Speaking of making things more difficult than they should be, the ISO images for installation are not readily available for download. There is a heinous registration [oracle.com] form but no promise of the ISOs even if you fill in the form (with either fake data or real). If Oracle is going to be serious about establishing a distro, it has got to be available at all the usual download sites along site CentOS, Debian and the other established distros.
      • by MrCreosote (34188)

        Speaking of making things more difficult than they should be, the ISO images for installation are not readily available for download. There is a heinous registration [oracle.com] form but no promise of the ISOs even if you fill in the form (with either fake data or real). If Oracle is going to be serious about establishing a distro, it has got to be available at all the usual download sites along site CentOS, Debian and the other established distros.

        Yeah, like you can download RHEL without having to buy a subscription, and without having to register or anything, and its a full version, not some crappy evaluation version. Oh, wait..... [redhat.com]

    • by bungo (50628)

      Ask them why they are unable/unwilling to support industry standard distributions.

      Oracle support Redhat, Asianux, SLES10, SLES11 for the latest version of their database.

      Also, if you're running the correct kernel version and other associated libraries, then they will also support you.

      Pick your distribution, just make sure you're running the required versions of the various packages, and you're fine.

      If, on the other hand, you want to pay for Linux support, then yes, Oracle want you to run thier Linux (or Redhat). You can't say this isn't reasonable. Do you expect Redhat to support SLES,

  • by bigredradio (631970) on Friday July 27, 2012 @02:59PM (#40794239) Homepage Journal

    For those who are still waiting for the latest Oracle DB to be certified with RHEL 6, this appears to be one more reason to switch. Giving away an OracleDB certified OS seems like a pretty good ploy on their part. Then choke out Red Hat.

    Not going to get any karma points for this move, but I see what they've done here.

    • by gbjbaanb (229885)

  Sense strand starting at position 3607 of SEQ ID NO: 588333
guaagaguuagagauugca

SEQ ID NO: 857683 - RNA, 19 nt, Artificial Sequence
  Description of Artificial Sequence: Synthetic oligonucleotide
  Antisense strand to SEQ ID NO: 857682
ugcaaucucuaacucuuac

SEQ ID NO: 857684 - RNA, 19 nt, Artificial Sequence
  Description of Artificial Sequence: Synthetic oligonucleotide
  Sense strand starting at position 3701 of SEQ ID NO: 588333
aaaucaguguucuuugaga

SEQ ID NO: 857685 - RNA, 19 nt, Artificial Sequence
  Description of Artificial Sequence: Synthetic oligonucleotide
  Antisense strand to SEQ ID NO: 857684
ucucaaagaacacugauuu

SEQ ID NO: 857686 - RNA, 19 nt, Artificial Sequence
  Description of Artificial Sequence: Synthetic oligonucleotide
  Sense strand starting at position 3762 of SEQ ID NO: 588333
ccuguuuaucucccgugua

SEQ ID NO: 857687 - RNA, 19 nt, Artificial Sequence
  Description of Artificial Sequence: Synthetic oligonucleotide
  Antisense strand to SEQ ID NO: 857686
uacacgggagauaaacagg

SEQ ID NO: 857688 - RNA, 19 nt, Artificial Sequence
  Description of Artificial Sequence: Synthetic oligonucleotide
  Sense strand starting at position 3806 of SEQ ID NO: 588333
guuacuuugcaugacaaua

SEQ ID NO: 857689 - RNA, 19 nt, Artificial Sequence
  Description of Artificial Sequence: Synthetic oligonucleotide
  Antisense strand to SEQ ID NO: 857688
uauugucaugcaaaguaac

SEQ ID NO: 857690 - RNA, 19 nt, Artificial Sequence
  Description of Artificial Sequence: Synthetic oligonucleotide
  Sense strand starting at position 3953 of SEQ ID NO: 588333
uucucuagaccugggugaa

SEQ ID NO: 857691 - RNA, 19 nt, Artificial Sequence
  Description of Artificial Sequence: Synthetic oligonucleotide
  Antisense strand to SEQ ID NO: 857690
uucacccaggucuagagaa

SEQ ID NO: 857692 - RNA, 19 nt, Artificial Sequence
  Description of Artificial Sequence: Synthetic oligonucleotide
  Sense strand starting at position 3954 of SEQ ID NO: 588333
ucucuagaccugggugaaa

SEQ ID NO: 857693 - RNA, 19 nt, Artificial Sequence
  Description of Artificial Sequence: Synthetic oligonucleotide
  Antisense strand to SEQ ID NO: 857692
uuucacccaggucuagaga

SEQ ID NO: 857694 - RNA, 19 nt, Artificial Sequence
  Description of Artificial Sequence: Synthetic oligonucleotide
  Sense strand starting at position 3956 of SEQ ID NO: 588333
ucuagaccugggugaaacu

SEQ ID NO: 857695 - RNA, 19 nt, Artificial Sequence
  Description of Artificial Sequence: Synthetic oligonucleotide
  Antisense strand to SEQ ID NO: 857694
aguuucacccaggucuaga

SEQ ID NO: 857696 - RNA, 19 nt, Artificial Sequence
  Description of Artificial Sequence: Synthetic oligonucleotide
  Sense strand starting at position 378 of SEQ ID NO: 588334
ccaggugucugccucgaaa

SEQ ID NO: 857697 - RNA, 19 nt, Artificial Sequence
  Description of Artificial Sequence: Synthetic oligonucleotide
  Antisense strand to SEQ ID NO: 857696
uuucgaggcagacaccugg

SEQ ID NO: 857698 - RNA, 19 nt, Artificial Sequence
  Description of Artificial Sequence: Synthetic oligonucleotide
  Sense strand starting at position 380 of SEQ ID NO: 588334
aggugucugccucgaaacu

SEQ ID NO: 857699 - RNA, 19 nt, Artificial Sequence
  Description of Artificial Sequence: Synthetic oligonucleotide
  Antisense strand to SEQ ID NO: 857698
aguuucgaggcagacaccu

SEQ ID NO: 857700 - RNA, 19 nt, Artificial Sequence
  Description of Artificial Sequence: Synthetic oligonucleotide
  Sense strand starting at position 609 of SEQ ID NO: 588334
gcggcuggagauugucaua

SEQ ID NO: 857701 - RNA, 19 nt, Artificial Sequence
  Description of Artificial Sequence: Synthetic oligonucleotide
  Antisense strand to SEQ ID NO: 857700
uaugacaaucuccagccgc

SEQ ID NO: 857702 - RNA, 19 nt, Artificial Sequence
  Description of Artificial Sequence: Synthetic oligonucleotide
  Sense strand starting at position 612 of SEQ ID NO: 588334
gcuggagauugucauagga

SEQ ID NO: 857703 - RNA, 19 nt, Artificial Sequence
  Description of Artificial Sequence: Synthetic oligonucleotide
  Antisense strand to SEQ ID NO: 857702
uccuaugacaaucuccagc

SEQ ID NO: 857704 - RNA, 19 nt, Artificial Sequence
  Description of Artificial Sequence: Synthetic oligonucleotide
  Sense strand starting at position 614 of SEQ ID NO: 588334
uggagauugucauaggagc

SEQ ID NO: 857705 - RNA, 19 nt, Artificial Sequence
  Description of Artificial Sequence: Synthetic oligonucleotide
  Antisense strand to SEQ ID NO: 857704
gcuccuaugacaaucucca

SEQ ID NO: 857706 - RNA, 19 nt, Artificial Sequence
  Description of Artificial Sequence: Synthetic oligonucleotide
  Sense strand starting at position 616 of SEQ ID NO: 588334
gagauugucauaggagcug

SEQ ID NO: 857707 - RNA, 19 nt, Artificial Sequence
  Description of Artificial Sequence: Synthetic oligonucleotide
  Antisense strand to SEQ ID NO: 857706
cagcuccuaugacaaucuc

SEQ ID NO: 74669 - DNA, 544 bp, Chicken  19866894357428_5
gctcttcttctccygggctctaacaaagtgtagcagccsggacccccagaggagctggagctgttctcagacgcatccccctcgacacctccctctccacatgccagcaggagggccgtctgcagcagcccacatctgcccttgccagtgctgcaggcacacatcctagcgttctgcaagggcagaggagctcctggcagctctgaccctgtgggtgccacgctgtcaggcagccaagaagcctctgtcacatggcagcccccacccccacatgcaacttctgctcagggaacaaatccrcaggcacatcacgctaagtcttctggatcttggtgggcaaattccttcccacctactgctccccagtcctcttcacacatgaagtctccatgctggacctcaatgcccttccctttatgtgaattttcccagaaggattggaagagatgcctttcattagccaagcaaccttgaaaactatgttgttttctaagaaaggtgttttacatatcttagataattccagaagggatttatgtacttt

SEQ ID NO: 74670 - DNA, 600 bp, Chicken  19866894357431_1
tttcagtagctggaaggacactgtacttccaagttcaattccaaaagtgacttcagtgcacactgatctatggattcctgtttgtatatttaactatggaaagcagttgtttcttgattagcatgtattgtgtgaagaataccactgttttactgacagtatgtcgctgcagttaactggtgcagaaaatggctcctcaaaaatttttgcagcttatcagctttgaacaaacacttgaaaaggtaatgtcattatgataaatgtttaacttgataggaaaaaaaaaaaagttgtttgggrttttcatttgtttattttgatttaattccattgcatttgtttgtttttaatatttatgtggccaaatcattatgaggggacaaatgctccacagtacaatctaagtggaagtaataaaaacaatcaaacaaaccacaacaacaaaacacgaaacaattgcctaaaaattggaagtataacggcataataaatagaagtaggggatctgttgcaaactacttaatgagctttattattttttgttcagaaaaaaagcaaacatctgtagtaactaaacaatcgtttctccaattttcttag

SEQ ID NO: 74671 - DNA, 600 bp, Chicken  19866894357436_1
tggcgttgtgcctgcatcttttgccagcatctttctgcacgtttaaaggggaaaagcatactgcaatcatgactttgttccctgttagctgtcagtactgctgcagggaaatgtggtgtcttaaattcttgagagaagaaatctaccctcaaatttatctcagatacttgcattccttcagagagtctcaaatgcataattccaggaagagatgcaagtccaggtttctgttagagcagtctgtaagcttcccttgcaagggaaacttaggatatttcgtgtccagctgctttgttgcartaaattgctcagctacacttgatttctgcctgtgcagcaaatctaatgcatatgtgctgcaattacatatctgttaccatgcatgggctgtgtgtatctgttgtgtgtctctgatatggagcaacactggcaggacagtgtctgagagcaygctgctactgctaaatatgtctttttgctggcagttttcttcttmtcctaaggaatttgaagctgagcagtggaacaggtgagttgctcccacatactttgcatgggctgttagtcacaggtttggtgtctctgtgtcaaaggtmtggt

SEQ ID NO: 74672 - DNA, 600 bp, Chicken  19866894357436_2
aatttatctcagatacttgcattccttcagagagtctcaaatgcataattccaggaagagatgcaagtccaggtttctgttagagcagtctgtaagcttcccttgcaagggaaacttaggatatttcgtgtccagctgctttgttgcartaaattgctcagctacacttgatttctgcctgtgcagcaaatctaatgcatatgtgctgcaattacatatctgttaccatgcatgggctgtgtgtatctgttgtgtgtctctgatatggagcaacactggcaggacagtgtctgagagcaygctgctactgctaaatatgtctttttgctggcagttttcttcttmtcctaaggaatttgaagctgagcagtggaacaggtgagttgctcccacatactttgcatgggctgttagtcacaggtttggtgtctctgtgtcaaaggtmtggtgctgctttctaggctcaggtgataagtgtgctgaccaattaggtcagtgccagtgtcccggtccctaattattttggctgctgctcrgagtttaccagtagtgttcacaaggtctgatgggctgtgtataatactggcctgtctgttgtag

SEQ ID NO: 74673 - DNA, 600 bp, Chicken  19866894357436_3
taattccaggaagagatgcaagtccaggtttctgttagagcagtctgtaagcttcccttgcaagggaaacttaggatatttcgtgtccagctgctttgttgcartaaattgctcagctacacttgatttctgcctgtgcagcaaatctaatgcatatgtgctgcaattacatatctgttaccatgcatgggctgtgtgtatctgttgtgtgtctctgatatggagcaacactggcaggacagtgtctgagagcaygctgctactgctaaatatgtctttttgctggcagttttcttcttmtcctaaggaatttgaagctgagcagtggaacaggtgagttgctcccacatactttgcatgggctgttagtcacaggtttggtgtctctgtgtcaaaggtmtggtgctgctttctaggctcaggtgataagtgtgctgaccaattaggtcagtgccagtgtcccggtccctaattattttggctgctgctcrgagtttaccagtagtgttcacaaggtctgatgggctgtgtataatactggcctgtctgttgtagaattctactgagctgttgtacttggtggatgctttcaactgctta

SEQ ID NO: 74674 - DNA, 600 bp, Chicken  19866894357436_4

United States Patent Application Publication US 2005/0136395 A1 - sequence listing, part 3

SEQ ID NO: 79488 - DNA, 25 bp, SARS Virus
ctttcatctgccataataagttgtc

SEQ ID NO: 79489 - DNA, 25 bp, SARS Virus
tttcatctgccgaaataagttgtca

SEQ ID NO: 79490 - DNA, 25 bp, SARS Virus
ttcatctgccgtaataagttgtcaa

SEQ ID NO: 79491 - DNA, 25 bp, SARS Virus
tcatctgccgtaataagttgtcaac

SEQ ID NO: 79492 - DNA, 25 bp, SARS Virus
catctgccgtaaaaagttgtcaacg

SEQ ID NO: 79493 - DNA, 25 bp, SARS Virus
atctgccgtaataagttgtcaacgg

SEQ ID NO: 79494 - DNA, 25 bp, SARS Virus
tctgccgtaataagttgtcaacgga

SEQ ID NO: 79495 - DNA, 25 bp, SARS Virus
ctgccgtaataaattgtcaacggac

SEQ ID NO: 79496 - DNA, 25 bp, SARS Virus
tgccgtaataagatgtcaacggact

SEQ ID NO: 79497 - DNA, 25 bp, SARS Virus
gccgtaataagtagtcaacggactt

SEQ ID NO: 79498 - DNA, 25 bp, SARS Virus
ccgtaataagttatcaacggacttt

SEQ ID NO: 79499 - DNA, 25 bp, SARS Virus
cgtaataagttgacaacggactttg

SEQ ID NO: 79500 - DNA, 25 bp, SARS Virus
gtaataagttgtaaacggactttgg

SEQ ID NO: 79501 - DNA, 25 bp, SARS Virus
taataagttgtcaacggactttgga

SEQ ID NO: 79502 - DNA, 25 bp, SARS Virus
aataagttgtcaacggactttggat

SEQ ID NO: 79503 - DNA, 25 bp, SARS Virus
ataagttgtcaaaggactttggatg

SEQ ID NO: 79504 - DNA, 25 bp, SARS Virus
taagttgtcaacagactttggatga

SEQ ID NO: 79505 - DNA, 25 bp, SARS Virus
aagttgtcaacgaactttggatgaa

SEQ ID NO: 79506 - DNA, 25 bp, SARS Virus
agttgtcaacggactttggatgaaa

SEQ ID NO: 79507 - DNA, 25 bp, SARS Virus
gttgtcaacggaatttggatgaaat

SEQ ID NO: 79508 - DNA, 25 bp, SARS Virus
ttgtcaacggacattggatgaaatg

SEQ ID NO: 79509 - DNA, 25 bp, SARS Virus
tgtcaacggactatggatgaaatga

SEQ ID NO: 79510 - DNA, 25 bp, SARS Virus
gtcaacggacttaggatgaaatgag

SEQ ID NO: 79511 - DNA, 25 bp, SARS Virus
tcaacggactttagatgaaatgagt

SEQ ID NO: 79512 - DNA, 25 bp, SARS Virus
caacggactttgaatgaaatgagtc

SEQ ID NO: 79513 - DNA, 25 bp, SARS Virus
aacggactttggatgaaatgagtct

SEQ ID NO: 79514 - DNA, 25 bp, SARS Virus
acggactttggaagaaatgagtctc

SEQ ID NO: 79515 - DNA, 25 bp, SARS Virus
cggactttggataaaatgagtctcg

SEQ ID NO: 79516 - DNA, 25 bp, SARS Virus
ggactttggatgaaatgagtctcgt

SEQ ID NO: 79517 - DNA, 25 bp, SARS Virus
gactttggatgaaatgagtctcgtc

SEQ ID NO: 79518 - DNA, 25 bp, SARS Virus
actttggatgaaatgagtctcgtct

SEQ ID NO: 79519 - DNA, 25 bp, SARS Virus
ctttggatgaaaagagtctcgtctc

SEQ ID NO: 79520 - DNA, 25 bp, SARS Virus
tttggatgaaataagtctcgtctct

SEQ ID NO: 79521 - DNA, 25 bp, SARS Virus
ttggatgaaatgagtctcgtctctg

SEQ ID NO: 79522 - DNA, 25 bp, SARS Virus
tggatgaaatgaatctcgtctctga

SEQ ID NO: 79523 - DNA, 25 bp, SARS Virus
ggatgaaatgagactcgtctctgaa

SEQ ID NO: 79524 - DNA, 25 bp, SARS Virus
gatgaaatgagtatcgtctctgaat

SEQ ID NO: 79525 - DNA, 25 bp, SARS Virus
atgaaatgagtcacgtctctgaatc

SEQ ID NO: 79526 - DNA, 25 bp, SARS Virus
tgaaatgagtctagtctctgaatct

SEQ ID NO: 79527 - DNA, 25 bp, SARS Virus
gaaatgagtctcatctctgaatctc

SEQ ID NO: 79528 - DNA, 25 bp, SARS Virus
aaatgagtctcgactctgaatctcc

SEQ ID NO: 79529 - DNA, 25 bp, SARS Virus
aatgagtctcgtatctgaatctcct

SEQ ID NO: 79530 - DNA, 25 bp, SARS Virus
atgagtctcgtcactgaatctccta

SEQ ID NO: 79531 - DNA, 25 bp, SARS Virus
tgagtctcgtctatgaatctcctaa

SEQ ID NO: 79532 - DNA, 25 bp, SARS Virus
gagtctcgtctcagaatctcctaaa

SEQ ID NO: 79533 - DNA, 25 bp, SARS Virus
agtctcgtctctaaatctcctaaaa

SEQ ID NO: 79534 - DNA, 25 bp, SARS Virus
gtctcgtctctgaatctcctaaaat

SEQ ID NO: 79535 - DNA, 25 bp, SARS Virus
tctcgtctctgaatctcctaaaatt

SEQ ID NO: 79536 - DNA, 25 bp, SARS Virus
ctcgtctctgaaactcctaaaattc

yeah, it makes a lot of sense. There's nothing wrong with another supported Linux distro in the datacentre, and all those companies that require supported stuff can have Linux running their favourite DB (Oracle DB is good to be fair) and not install it on Windows like has been happening a lot. If they say "Linux is the preferred (or best) option" then Microsoft-only customers will start to get over their obsession and look at this alternative, and hopefully be pleasantly surprised.

      As for paid-for ksplice up

    • by Anonymous Coward

      Oracle is now certified with RHEL 6. (http://www.oracle.com/us/corporate/press/1563775).

      Not sure about all the Oracle haters, but our issues have less to do with lockin and open source and more to do with system integration. Our other enterprise tools aren't certified with OEL, we end up supporting another HW stack (ie where do you think the IBM/HP certification for x86 is at...), on and on.

    • by bungo (50628)

      As I mentioned in a previous post (which has probably been downmodded to hell, like most of my other posts), Oracle has already certified RHEL 6 with Oracle 11.2

      Here's the info from Oracle support website:

      Certification Information for Oracle Database on Linux x86-64 [ID 1304727.1]

      Red Hat Enterprise Linux 6 - Database 11.2.0.3 and higher

      Red Hat kernel 2.6.32-71.el6.x86_64 or later
      Oracle Unbreakable Enterprise Kernel (UEK R1) 2.6.32-100.28.5.el6.x86_6

  • Solaris (Score:4, Insightful)

    by feezly (2695307) on Friday July 27, 2012 @03:11PM (#40794447)
    After what they did with Solaris I would not trust them keep yum updates available with a support contract.
  • Fuck em (Score:5, Insightful)

    by TheSpoom (715771) <[ten.00mrebu] [ta] [todhsals]> on Friday July 27, 2012 @03:16PM (#40794523) Homepage Journal

    While support for Ksplice is present in the Unbreakable Enterprise Kernel, it does nothing without the Ksplice Uptrack service enabled.